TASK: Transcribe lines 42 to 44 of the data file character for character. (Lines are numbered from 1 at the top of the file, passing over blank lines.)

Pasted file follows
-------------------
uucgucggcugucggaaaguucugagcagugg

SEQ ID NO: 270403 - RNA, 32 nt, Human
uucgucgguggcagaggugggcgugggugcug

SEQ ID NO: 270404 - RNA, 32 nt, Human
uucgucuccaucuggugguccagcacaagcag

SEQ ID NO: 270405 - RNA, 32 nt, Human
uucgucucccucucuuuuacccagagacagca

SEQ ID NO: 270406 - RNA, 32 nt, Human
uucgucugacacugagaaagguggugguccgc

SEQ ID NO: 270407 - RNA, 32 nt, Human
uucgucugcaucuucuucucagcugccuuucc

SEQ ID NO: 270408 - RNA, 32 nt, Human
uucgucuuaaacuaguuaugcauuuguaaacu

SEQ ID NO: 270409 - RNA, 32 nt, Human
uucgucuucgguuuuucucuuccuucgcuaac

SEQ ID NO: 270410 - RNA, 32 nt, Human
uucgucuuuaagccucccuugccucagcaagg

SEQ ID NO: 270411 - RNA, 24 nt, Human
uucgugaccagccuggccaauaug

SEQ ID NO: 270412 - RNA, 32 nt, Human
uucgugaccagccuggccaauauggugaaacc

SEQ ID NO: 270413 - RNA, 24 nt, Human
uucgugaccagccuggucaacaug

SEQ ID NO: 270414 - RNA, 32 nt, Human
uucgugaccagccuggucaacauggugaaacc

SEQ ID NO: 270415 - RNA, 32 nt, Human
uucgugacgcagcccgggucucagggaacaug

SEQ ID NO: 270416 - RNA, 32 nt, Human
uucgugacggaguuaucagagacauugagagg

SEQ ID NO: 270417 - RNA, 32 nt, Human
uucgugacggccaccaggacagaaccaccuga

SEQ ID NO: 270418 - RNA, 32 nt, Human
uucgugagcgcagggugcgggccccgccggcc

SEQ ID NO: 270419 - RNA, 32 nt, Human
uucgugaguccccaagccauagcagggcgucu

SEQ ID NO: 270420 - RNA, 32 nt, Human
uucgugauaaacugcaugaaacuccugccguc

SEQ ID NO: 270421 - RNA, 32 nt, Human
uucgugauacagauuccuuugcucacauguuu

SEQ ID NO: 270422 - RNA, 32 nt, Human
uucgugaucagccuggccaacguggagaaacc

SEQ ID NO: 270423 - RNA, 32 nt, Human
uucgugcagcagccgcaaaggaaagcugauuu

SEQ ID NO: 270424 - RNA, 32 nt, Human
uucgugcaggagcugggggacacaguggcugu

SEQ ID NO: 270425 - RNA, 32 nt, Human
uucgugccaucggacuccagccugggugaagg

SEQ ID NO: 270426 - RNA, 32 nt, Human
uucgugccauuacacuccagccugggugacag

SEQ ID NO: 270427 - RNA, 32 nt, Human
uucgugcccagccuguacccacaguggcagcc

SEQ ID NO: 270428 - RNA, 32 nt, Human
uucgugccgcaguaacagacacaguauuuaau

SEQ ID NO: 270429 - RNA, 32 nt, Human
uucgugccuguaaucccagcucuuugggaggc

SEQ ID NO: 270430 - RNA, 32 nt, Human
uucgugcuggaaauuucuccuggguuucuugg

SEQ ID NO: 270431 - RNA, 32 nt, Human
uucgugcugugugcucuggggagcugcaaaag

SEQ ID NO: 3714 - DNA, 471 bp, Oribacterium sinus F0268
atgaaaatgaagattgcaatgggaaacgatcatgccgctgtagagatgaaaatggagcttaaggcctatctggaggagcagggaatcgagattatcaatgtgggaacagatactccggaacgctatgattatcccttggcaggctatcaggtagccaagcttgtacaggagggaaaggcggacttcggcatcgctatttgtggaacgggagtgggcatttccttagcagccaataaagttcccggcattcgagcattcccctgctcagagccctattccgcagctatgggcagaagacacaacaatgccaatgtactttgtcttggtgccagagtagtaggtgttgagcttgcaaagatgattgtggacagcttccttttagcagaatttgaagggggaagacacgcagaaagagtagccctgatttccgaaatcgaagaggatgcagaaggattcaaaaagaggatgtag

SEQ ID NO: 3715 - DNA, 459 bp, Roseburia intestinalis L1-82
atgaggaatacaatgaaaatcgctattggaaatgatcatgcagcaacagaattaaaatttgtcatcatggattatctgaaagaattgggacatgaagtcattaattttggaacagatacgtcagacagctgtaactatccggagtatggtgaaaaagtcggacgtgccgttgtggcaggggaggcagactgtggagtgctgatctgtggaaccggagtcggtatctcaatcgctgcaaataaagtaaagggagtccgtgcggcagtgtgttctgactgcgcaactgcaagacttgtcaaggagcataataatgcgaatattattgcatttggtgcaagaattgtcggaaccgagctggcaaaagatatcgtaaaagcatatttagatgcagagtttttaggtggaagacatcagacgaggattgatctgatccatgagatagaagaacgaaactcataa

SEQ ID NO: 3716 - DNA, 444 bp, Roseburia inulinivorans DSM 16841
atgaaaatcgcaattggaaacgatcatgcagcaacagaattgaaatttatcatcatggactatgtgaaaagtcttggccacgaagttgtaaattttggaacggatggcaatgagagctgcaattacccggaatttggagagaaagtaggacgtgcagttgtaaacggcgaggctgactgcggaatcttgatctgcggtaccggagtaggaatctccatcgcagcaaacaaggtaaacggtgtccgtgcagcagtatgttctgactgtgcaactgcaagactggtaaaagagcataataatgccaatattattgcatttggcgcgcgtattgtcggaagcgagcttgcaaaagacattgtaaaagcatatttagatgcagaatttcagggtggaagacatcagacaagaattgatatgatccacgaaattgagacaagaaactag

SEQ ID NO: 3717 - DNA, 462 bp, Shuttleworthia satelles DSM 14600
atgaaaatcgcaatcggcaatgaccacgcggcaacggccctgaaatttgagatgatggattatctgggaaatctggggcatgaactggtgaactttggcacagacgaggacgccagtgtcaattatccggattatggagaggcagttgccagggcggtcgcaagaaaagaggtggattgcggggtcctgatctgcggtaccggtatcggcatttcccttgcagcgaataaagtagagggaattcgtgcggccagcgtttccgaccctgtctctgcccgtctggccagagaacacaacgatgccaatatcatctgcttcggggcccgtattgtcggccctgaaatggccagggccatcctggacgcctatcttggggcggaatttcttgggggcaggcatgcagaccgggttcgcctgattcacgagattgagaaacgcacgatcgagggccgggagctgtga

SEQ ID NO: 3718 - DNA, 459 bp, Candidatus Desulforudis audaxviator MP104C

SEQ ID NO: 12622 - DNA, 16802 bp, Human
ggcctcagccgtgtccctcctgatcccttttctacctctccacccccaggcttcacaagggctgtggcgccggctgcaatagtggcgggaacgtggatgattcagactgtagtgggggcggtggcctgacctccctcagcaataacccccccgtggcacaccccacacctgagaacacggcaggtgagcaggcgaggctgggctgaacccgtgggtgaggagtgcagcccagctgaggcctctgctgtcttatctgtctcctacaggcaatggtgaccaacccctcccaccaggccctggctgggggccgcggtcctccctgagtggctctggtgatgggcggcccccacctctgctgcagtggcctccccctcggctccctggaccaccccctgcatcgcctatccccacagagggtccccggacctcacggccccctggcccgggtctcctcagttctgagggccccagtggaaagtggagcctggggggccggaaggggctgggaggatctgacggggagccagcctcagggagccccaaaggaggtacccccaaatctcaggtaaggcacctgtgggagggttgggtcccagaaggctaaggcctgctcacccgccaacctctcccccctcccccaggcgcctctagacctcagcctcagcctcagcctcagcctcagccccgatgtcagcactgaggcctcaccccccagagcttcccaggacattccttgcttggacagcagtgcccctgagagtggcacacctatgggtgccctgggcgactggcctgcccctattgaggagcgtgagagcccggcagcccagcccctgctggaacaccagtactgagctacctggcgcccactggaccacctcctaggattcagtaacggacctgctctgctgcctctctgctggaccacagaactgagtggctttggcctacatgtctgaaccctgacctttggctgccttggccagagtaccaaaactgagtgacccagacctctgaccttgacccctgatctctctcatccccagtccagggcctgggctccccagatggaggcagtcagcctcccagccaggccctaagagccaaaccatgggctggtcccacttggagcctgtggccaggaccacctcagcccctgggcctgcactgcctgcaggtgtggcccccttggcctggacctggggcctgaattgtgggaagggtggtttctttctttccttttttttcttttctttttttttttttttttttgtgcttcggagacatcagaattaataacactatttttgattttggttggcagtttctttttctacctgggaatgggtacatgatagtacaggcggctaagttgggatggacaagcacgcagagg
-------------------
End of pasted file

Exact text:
SEQ ID NO: 270423 - RNA, 32 nt, Human
uucgugcagcagccgcaaaggaaagcugauuu

SEQ ID NO: 270424 - RNA, 32 nt, Human